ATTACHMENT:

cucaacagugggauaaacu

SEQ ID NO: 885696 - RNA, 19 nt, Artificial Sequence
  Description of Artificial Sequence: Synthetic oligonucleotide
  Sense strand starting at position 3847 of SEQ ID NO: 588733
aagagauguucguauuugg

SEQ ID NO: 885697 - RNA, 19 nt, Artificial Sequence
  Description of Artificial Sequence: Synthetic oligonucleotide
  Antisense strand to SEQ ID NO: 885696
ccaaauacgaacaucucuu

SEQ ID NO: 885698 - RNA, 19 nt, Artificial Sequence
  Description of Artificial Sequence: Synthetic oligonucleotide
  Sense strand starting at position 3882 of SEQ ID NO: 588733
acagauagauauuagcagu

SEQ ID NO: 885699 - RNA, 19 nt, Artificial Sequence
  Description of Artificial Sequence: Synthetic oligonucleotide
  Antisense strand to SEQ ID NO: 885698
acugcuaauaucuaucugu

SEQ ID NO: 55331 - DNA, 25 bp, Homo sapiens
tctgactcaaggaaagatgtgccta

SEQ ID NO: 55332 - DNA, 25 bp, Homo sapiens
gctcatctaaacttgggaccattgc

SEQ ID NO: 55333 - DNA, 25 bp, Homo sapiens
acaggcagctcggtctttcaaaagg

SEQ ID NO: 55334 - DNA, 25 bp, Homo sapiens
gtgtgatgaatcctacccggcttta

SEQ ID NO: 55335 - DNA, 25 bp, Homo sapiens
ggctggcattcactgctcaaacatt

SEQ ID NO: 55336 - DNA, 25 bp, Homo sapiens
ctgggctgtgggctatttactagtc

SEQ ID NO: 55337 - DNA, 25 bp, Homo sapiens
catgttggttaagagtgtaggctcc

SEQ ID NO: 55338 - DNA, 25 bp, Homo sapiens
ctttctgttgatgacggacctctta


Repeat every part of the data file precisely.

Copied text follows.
cucaacagugggauaaacu

SEQ ID NO: 885696 - RNA, 19 nt, Artificial Sequence
  Description of Artificial Sequence: Synthetic oligonucleotide
  Sense strand starting at position 3847 of SEQ ID NO: 588733
aagagauguucguauuugg

SEQ ID NO: 885697 - RNA, 19 nt, Artificial Sequence
  Description of Artificial Sequence: Synthetic oligonucleotide
  Antisense strand to SEQ ID NO: 885696
ccaaauacgaacaucucuu

SEQ ID NO: 885698 - RNA, 19 nt, Artificial Sequence
  Description of Artificial Sequence: Synthetic oligonucleotide
  Sense strand starting at position 3882 of SEQ ID NO: 588733
acagauagauauuagcagu

SEQ ID NO: 885699 - RNA, 19 nt, Artificial Sequence
  Description of Artificial Sequence: Synthetic oligonucleotide
  Antisense strand to SEQ ID NO: 885698
acugcuaauaucuaucugu

SEQ ID NO: 55331 - DNA, 25 bp, Homo sapiens
tctgactcaaggaaagatgtgccta

SEQ ID NO: 55332 - DNA, 25 bp, Homo sapiens
gctcatctaaacttgggaccattgc

SEQ ID NO: 55333 - DNA, 25 bp, Homo sapiens
acaggcagctcggtctttcaaaagg

SEQ ID NO: 55334 - DNA, 25 bp, Homo sapiens
gtgtgatgaatcctacccggcttta

SEQ ID NO: 55335 - DNA, 25 bp, Homo sapiens
ggctggcattcactgctcaaacatt

SEQ ID NO: 55336 - DNA, 25 bp, Homo sapiens
ctgggctgtgggctatttactagtc

SEQ ID NO: 55337 - DNA, 25 bp, Homo sapiens
catgttggttaagagtgtaggctcc

SEQ ID NO: 55338 - DNA, 25 bp, Homo sapiens
ctttctgttgatgacggacctctta